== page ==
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Goldie is based off my #1 Strat, which oddly serves as a backup to Goldie. The sunburst Strat was made for me by Fred Marotta at the Repair Zone back in 1997-ish. I had expressed interest in learning the craft of guitar repair and he agreed to let me “intern” and show me how to do setups and basic repair stuff. In the end, he rewarded all my hard work with a custom Strat that was my ode to SRV and a nod to Hendrix with the bigger headstock. Both #1 and Goldie are built exactly the same — 21-fret maple/rosewood Allparts neck with the ‘70s headstock, bullet trussrod, and 7.25″ fingerboard radius. I found recently after using #1 for a while with Brodeeva and Secret Seven that I like fatter necks and rounder fingerboards. They’re both equipped with gold hardware, Seymour Duncan Classic Stack pickups (b/m/n), classic trems with full-sized blocks, no backplate (I did this first, John Mayer!), some foam from the Duncan pickup box under the springs, and Sperzel Locking tuners. I made Goldie’s body, but my #1 was an offcenter 2-piece alder body from Allparts. Goldie got extra lacquer love with the back of the neck painted, but leaving the rosewood stripe visible.

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At the moment those are the two I’m using but since Babydoll Warriors is still growing as a new band, I may need to pull out some of the other guitars I own from the vault, or build myself another custom-made guitar. Or since I’m always buying gear, it could be a new guitar. (I literally just bought two more guitars).

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My amp rig is set up as a pedal platform since I really can’t find a one-stop amp for all the sounds I need. For Babydoll Warriors’ debut show I used my 1×12” Dr. Z Maz 38 paired with a Dr. Z 2×10” extension cab. That one is also my #1 amp and if I had to sell all my amps, that would be the very last one to go. It’s a great mix between a Fender and a Vox. I got into Dr. Z after becoming infatuated with Brad Paisley’s guitar playing and gear. I was able to test a Maz 18 up in Seattle and ended up loving the amp’s preamp breakup when dimed and how clean it could run if the master and gain were flipped. A used, 38-watt version fell into my lap a few years later and it became love at first twang. It began as a blonde-colored amp, but there was bleed-thru with the tolex glue so after contacting Dr. Z, they referred me to their tolexing guy and I had it re-tolexed to look like a custom Dr. Z Mazerati amp in a Black with Red motif. It has a Eminence 12″ Texas Heat speaker. The 2x10s are stock Dr. Z speakers and I believe also Eminence. It was a beast to move as a mini-half stack, so for future shows, I may revert back to the amp I bought for the band.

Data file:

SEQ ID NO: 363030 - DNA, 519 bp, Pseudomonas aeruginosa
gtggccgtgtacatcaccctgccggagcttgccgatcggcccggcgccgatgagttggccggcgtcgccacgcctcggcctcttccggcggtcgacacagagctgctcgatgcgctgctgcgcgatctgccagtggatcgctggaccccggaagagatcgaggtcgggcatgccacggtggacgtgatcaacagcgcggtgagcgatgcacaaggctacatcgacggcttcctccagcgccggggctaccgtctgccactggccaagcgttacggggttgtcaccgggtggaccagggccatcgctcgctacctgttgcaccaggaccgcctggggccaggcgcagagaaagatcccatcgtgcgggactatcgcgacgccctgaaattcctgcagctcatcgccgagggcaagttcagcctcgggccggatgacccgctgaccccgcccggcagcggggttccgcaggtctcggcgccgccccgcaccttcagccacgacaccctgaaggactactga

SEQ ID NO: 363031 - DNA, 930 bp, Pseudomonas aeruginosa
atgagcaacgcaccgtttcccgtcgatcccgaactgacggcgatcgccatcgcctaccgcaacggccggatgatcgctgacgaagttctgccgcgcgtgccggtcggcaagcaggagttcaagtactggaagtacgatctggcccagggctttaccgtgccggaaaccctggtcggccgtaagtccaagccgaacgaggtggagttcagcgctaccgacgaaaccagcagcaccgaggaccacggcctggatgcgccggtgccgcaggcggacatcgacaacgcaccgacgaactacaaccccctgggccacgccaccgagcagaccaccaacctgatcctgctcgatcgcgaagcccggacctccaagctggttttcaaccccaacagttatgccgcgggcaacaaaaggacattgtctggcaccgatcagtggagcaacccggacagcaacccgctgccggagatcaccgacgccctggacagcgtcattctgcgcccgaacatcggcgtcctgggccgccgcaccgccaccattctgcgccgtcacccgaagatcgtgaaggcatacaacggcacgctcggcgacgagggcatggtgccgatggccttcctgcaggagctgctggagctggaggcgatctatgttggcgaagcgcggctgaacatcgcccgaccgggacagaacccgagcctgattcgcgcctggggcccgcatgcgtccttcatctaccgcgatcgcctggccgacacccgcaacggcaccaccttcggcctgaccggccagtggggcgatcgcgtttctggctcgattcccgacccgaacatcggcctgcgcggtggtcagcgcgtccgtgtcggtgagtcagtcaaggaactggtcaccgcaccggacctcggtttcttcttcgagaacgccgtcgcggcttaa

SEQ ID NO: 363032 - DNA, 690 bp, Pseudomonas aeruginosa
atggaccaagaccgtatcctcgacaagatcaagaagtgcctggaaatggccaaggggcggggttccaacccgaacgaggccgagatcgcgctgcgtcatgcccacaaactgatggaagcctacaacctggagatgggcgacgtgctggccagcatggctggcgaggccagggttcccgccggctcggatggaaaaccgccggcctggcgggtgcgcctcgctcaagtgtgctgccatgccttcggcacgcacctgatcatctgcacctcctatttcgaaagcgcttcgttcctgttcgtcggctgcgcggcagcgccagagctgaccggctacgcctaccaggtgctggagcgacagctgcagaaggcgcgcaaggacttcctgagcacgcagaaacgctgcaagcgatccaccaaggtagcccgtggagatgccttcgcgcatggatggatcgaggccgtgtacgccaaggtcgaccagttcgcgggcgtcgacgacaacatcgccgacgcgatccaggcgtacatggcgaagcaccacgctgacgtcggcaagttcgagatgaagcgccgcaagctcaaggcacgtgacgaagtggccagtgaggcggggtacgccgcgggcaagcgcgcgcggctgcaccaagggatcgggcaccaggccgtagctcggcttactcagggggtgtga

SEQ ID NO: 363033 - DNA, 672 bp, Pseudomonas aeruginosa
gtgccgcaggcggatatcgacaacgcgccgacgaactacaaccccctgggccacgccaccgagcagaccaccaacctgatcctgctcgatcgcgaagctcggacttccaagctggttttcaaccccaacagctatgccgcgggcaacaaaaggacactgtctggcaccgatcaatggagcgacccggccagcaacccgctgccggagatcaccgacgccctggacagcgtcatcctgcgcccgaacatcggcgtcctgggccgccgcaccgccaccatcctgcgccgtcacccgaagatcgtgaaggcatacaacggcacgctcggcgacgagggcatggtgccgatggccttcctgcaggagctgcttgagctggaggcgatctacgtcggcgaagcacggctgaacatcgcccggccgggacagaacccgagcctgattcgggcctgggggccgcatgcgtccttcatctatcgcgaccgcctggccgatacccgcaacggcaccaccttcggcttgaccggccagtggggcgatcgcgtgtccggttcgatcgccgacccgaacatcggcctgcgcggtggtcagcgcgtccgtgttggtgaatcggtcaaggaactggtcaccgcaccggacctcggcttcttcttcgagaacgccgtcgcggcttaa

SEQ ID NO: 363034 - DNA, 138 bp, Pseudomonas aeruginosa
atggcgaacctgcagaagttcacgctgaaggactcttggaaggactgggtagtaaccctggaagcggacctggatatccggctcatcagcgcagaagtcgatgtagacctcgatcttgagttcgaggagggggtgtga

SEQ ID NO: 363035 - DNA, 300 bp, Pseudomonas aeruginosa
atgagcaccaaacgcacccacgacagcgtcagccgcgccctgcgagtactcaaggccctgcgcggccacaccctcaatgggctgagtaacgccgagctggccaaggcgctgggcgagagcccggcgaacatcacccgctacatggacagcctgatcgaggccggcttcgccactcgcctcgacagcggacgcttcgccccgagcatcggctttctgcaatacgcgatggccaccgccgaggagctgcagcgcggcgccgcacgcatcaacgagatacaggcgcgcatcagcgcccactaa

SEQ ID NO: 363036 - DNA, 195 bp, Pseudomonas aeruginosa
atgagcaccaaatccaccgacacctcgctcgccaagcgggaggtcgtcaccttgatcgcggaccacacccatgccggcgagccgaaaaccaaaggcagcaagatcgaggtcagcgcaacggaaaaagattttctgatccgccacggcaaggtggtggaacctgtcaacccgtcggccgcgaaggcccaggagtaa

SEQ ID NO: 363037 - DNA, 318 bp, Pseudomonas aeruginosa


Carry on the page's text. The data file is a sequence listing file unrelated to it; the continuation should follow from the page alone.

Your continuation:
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My actual amp I got for Babydoll Warriors is a Fender Blues Deluxe. I bought it as a chassis off eBay and was going to build a custom cabinet with gold tolex, but I saw a used cabinet with speaker for sale in LA about the cost of the speaker alone. Its a pine cabinet — super lightweight with wheat grill and burgundy tolex made by Mather Amp cabs. It was such a good deal for the cab plus the Jensen speaker that I opted to not go the gold tolex route and leave it as is. Even though it is larger than the Dr. Z, it is much lighter, so for future gigs, I’ll probably be using the Fender going forward. It’s currently at home with all of his amp-brothers awaiting a mod of metal input jacks, a faceplate-facelift, and a new set of JJ tubes.